Are we Making a Dent in Puppy Mills?


My last Saluki, Ch. Scenario Razzle Dazzle, JC.  His breeder  hung on to him, thinking he was not show quality, waiting for the right home to come along.

My last Saluki, Ch. Scenario Razzle Dazzle, JC. His breeder hung on to him, thinking he was not show quality, waiting for the right home to come along.

On Facebook, we recently learned that a couple of pet stores—puppy mill outlets—were planning a fundraiser at an area restaurant— so they could pay their legal bills!  for real.  They  claim that (we activists) are putting them out of a legitimate business…and puppy buyers will be forced to  go to the suburbs to buy pups. Really?

Or, maybe…just maybe…they will be forced to do some research and seek out hobby breeders.  Or check out the hundreds of dogs in area shelters and breed specific rescues.  It could happen.

I wrote  to the reporter who broke the story…that the fundraiser was cancelled when Cari Meyers from The Puppy Mill Project, ans several other activists  talked to the restaurant management about what the problem REALLY is.

I have no idea where to start on this…but let me try.
I am a dog groomer.  I have been working with dogs for  over 40 years.  I learned to groom from other  dog lovers:  people who bred and showed dogs.
What I learned is that no ethical  hobby breeder, who loves dogs, sells any dog to someone else to resell. Ethical hobby breeders  want to meet  possible buyers and determine if they understand  how to take care of the pup they want.
As a teenager, I worked for this eccentric named Fred Alderman.  He was a pretty well known Afghan Hound breeder.  Lots of people didn’t like him…but if you had never owned an Afghan Hound, you had to spend a day grooming with him if you wanted 1 of his dogs.  He didn’t want to hear that you  didn’t  know how much equipment you would need, how often it needed to be done, how long it would take.  If—at the end of the day—you  didn’t want an Afghan, no harm/no foul.

I worked for a Miniature Schnauzer breeder.  In the late 1970s,  the hobby breeders were noticing that a lot of the dog they bred were  going blind at age 2 or 3.  Clearly, it was a genetic issue, and they set up a test breeding program  with  veterinary ophthalmologists, and  virtually eliminated  congenital juvenile cataracts from the breed.  Unfortunately, this was just dogs bred by hobby breeders.  People breeding dogs as livestock, for resale, and people breeding their pets didn’t even think about this, because once their pups were sold,  they  weren’t involved with them.

We were making good progress  in making purebred dogs genetically more sound, then the recession hit, and another bad dynamic:  veterinarians who  really aren’t pet lovers not discouraging  people from breeding dogs with discoverable genetic defects…and even leading  pet owners to believe that mixing breeds  resulted in ‘hybrid vigor’ (they are the same species—not hybrids—these designer dogs).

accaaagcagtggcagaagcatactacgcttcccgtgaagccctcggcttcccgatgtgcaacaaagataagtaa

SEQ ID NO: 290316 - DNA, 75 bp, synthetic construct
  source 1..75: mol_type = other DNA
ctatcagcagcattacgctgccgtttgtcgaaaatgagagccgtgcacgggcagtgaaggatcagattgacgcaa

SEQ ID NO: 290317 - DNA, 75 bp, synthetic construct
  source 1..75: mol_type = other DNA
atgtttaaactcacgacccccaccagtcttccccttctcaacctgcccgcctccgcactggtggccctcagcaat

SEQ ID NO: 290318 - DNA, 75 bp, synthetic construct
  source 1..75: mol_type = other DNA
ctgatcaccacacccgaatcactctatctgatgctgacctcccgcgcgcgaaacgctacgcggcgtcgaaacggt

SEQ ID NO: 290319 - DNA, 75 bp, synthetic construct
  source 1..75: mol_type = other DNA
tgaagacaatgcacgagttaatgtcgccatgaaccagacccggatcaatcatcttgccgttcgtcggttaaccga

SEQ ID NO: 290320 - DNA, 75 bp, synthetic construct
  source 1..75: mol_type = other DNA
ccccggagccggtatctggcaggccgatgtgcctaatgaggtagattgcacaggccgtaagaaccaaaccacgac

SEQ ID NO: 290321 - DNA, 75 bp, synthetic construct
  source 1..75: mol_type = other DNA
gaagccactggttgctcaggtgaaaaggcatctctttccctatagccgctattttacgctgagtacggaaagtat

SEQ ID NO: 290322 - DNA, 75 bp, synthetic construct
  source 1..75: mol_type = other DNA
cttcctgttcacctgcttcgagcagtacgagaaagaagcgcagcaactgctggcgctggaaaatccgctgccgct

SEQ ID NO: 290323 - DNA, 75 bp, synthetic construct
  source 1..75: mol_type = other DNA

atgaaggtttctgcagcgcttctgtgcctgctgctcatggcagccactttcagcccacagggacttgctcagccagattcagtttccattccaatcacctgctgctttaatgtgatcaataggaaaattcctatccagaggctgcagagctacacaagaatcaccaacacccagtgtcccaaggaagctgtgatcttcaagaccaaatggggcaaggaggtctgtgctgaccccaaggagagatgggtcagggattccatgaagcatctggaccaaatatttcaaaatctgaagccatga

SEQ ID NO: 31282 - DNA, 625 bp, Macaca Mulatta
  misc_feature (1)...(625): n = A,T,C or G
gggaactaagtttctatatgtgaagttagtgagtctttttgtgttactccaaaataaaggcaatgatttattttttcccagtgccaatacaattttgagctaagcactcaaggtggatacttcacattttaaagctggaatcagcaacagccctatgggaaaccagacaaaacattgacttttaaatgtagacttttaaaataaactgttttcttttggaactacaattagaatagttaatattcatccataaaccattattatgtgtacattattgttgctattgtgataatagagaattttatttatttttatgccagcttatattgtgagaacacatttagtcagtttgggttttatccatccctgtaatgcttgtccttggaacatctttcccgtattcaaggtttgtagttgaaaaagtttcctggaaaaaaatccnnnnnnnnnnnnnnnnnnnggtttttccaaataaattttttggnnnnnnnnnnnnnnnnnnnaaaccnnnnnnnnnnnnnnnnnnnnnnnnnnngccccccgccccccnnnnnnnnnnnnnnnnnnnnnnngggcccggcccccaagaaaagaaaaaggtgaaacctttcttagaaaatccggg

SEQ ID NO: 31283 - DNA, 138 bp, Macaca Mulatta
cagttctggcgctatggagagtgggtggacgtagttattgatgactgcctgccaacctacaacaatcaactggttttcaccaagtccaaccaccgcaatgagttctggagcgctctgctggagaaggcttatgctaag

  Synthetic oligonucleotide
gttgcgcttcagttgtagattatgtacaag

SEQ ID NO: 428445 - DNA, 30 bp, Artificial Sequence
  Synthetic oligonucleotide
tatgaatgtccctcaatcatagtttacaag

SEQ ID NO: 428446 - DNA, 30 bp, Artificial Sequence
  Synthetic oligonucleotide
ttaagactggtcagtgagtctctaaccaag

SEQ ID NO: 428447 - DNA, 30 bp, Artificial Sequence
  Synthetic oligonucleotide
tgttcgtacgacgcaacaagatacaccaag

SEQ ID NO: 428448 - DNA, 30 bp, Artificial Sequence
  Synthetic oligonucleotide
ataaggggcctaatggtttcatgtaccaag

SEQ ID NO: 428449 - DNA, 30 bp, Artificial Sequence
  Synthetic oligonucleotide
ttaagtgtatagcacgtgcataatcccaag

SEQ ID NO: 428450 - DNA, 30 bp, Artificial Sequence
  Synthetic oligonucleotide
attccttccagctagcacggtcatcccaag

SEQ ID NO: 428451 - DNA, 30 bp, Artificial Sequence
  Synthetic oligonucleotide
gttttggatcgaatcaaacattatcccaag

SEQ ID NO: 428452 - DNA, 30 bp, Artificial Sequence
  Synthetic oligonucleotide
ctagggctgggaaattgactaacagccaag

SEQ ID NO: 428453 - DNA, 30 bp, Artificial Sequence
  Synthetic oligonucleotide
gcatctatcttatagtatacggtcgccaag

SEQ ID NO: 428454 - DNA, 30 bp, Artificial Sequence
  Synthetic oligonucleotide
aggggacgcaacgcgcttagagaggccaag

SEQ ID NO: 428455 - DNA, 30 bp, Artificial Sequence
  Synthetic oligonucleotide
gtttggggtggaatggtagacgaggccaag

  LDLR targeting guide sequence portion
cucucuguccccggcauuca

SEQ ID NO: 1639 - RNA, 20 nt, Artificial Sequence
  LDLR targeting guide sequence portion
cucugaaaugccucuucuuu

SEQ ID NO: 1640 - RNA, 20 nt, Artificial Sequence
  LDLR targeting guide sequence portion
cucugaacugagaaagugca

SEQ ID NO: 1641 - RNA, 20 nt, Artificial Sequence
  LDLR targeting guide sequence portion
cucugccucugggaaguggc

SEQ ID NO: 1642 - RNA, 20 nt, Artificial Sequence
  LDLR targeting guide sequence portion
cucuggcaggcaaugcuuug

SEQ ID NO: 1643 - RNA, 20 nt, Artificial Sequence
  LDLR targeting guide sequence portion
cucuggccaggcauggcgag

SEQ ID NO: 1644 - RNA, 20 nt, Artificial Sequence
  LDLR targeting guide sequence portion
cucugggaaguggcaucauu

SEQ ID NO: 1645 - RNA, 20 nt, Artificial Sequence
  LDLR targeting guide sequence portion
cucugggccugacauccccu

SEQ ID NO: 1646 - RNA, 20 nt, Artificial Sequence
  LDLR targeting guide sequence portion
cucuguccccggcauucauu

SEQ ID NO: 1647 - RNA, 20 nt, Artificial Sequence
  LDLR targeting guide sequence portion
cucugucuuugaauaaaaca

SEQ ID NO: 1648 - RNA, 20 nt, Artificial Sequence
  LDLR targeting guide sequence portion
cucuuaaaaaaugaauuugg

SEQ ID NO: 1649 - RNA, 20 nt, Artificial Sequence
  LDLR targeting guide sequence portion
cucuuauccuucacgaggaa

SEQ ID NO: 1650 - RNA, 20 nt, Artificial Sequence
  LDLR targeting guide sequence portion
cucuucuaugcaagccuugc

So now we have a whole segment of  pet lovers who believe a designer dog is healthier than  a purebred (not  necessarily so).

I am not the ‘adopt—don’t shop’ type, but my last 4 purebred dogs  came to me as adults from  purebred dog breeders who   are breeding for the betterment of their breeds—and who took dogs back because buyers changed their minds.  That’s what hobby breeders do. They take back their dogs because they love them.  No excuses.

Do you understand the difference? That Amish  commercial dog breeders, and/or USDA licensed breeders are breeding pets as livestock?  And ripping people off?  Every week I get  dogs in for grooming who  bought from these types—- from pet store owners, who were not  screened, were not given proper grooming or training instructions, and believe me ultimately, that all breeders are the same.

The irony is that if these jerks  really loved animals, they could change their business models and not be adding to the many adult dogs abandoned or dumped by  dissatisfied  pet buyers.  & to justify this by saying that these buyers will go to puppy mill outlets in the suburbs? Really?  I bet within a decade we have a state-wide ban on commercial breeding of pets.

I will add that many of the  rescues  are just as bad:  adopting out dogs with questionable temperaments and not being honest about grooming and training needs…but at least they aren’t breeding dogs.

I wish we could hold the shelters and rescues accountable for adopting out dogs that look cute, but are actually a danger to public health, but that  is another issue.  The American Kennel Club is defending the very bad breeders.  We must hold them accountable, and out veterinarians accountable as well.

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